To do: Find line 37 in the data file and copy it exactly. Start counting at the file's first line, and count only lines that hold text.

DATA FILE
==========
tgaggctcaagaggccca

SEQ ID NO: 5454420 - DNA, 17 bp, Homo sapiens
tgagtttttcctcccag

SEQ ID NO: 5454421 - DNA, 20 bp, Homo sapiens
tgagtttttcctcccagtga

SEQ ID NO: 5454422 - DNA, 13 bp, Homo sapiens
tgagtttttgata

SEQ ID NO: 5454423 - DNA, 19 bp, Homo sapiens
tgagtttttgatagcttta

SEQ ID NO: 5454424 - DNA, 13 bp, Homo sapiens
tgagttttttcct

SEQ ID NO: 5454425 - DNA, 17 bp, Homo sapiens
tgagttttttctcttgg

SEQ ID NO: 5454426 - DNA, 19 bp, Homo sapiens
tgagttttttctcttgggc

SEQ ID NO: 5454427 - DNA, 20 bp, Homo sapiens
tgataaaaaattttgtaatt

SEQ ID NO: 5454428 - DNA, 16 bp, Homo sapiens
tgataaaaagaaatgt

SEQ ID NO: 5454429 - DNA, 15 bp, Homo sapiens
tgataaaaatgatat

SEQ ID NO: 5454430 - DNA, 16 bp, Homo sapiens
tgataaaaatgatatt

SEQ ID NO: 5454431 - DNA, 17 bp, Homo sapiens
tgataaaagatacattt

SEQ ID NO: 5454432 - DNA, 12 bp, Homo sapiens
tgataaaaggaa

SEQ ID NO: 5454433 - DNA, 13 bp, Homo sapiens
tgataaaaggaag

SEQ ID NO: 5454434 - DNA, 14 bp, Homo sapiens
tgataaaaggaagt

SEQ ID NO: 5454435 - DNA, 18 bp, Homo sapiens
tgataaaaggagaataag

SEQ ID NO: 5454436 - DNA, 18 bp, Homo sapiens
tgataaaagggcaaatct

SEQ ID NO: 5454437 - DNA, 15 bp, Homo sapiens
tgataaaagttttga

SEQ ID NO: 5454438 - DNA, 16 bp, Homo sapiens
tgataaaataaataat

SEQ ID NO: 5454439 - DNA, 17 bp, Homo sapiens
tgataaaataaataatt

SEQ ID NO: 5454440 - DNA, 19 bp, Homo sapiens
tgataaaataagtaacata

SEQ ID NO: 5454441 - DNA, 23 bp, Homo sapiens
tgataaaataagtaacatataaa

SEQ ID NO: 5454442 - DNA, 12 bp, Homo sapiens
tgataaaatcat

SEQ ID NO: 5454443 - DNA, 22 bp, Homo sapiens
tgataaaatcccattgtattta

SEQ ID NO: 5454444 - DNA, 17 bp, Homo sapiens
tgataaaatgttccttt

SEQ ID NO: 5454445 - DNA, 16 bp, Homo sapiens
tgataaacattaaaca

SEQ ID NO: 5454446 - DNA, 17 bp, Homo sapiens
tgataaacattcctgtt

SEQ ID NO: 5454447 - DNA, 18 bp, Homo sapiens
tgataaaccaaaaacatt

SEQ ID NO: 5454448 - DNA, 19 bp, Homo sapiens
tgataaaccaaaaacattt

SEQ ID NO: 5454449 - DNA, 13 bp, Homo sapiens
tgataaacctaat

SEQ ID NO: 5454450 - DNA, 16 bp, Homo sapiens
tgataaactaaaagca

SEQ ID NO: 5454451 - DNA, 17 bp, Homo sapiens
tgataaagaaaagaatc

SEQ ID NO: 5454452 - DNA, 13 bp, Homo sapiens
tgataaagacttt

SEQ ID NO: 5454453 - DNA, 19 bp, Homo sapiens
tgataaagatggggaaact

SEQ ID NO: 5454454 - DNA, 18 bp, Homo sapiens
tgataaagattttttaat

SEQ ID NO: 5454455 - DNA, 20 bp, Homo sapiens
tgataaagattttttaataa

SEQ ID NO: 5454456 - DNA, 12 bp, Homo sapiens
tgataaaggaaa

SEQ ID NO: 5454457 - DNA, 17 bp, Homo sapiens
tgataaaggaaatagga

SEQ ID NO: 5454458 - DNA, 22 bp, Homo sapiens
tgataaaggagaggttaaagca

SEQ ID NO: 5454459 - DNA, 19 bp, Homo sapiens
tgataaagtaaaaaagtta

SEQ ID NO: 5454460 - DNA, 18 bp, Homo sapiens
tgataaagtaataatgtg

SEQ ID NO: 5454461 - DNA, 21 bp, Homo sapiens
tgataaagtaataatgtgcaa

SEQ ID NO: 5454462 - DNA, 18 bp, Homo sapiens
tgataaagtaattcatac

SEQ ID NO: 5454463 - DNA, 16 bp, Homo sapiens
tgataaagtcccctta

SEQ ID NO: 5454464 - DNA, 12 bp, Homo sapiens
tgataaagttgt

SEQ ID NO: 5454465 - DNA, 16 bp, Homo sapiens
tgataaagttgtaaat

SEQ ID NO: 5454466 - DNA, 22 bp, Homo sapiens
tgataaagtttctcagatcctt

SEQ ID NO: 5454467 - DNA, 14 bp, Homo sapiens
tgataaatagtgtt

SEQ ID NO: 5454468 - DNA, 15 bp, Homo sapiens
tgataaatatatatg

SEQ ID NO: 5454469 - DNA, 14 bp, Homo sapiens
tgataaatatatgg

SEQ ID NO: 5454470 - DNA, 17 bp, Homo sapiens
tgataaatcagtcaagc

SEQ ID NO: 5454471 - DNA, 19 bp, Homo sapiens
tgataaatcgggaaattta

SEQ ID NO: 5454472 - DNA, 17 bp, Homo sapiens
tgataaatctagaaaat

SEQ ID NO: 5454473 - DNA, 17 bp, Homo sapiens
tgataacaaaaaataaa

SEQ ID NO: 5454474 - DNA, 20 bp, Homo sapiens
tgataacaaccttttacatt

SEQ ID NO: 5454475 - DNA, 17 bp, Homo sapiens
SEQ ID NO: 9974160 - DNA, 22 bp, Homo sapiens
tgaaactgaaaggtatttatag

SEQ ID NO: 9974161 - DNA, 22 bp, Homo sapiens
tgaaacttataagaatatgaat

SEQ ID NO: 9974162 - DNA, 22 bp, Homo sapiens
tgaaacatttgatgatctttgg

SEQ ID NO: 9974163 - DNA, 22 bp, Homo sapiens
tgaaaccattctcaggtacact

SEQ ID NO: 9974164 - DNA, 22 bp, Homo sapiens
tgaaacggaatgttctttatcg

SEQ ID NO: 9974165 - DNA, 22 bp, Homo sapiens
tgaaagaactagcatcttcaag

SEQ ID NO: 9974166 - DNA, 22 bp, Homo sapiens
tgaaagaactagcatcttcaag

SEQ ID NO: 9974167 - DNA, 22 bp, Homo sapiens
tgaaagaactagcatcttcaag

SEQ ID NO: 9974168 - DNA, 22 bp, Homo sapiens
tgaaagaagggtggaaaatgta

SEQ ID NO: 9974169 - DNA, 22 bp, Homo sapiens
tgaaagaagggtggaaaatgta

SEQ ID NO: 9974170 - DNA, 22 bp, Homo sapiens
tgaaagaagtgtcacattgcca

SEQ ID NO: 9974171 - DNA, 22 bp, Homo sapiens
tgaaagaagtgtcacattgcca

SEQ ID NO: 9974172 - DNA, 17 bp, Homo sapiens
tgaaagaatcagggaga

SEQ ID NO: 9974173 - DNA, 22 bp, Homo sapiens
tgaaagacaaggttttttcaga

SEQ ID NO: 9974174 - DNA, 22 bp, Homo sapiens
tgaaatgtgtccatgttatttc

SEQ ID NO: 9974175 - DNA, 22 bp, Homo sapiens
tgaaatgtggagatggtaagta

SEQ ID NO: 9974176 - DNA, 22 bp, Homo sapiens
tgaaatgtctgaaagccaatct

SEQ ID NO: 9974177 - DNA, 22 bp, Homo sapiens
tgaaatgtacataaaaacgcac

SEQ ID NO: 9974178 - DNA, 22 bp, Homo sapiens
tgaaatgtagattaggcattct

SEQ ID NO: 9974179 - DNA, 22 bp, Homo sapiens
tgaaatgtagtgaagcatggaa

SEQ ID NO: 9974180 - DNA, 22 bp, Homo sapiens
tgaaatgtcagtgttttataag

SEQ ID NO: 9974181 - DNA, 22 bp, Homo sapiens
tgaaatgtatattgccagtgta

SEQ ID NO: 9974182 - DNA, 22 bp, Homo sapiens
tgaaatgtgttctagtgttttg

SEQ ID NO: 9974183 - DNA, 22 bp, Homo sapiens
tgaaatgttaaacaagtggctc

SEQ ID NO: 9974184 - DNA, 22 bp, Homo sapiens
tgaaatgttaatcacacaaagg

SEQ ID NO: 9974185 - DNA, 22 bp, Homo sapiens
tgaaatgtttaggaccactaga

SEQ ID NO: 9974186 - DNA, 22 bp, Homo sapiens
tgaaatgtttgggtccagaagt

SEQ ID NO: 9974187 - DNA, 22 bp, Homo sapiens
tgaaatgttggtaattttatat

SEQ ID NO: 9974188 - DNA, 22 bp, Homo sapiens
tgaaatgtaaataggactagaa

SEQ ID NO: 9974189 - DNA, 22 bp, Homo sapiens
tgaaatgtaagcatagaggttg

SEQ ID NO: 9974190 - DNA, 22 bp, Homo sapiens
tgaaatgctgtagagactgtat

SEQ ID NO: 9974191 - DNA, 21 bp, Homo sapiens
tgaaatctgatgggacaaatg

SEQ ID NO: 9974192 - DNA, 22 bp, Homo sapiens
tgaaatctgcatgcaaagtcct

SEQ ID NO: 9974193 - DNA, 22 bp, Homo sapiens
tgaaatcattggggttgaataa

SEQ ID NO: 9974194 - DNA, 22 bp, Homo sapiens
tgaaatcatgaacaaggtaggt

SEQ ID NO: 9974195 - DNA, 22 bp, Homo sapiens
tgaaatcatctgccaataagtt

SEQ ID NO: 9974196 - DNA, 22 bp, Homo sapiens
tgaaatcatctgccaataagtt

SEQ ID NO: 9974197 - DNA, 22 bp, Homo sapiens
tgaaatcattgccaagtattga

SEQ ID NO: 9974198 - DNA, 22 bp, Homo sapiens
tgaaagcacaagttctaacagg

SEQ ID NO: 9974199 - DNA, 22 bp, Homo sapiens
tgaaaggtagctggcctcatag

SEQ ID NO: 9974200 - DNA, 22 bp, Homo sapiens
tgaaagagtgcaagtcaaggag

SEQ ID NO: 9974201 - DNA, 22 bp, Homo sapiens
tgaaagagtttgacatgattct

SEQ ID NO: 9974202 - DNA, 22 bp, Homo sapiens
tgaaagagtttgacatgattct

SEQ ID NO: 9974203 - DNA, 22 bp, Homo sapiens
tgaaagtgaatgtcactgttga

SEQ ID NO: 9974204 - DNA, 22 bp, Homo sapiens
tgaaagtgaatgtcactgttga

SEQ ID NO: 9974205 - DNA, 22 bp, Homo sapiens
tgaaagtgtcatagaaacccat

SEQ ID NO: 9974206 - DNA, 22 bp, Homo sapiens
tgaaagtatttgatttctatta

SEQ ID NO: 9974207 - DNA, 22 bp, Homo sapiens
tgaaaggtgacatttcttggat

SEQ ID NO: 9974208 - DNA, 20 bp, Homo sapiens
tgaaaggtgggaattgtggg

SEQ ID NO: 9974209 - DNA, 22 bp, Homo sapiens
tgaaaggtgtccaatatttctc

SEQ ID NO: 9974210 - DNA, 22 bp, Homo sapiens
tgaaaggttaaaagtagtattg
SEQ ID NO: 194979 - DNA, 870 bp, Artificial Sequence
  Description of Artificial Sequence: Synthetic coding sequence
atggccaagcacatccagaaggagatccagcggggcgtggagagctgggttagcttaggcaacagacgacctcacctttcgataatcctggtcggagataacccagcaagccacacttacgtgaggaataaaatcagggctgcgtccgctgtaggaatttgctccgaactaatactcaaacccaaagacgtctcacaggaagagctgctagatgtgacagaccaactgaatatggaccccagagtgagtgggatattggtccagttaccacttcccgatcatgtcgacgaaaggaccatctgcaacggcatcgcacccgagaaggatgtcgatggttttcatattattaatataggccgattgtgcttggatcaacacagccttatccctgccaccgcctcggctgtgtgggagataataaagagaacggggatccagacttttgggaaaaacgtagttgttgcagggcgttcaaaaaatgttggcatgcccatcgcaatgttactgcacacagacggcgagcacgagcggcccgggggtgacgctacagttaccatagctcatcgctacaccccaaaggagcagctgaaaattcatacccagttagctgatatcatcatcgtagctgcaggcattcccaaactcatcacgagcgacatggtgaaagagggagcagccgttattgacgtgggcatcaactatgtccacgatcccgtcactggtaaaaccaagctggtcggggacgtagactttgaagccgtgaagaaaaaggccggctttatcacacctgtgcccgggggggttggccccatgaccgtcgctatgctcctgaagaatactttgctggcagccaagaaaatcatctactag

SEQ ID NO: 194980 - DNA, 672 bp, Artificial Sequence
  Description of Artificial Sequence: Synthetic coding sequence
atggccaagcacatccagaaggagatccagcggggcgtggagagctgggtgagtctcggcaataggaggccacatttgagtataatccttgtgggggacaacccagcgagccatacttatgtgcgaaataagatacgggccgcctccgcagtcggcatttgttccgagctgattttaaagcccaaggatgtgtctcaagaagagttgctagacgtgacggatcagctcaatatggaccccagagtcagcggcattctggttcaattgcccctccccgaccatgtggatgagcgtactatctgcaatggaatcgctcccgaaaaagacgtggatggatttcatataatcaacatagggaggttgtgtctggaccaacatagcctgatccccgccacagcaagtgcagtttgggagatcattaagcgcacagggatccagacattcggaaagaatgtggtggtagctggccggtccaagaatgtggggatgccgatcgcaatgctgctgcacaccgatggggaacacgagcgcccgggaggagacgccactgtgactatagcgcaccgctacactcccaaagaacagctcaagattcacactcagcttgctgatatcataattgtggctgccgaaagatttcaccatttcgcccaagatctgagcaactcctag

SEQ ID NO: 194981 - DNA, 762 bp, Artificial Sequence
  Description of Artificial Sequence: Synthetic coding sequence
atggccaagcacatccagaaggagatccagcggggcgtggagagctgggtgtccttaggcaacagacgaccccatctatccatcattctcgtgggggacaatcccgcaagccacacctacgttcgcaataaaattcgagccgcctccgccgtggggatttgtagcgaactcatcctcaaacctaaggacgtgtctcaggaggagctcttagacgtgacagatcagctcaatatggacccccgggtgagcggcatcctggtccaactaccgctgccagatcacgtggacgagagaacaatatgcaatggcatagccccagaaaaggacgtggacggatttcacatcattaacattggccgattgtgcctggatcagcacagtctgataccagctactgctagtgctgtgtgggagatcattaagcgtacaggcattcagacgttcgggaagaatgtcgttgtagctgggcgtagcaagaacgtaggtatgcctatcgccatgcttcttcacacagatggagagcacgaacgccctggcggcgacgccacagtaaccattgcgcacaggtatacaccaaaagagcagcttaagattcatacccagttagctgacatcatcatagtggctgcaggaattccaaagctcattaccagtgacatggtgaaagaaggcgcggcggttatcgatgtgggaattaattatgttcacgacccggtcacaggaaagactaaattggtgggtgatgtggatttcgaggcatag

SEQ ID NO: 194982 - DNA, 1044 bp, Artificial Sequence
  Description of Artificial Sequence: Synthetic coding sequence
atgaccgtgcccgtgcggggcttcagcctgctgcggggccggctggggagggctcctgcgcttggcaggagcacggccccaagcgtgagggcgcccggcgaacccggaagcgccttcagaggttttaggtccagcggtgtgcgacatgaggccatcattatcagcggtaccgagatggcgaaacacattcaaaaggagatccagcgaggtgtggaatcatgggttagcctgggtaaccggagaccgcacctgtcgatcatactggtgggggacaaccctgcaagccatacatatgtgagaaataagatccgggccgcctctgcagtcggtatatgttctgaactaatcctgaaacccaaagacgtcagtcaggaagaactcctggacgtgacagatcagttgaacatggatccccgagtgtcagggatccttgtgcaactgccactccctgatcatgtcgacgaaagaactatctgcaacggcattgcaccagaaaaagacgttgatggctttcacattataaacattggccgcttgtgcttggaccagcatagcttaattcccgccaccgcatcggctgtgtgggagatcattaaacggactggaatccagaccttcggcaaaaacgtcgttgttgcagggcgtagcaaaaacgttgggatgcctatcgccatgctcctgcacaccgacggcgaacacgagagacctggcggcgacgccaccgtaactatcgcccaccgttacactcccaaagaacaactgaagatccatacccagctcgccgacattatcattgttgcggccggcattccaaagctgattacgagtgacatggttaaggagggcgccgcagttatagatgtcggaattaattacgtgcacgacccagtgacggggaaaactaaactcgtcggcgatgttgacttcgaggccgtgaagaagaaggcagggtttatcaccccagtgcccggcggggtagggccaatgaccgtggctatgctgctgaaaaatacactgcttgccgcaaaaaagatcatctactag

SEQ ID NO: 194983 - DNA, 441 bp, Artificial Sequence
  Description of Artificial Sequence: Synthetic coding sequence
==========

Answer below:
tgataaaagttttga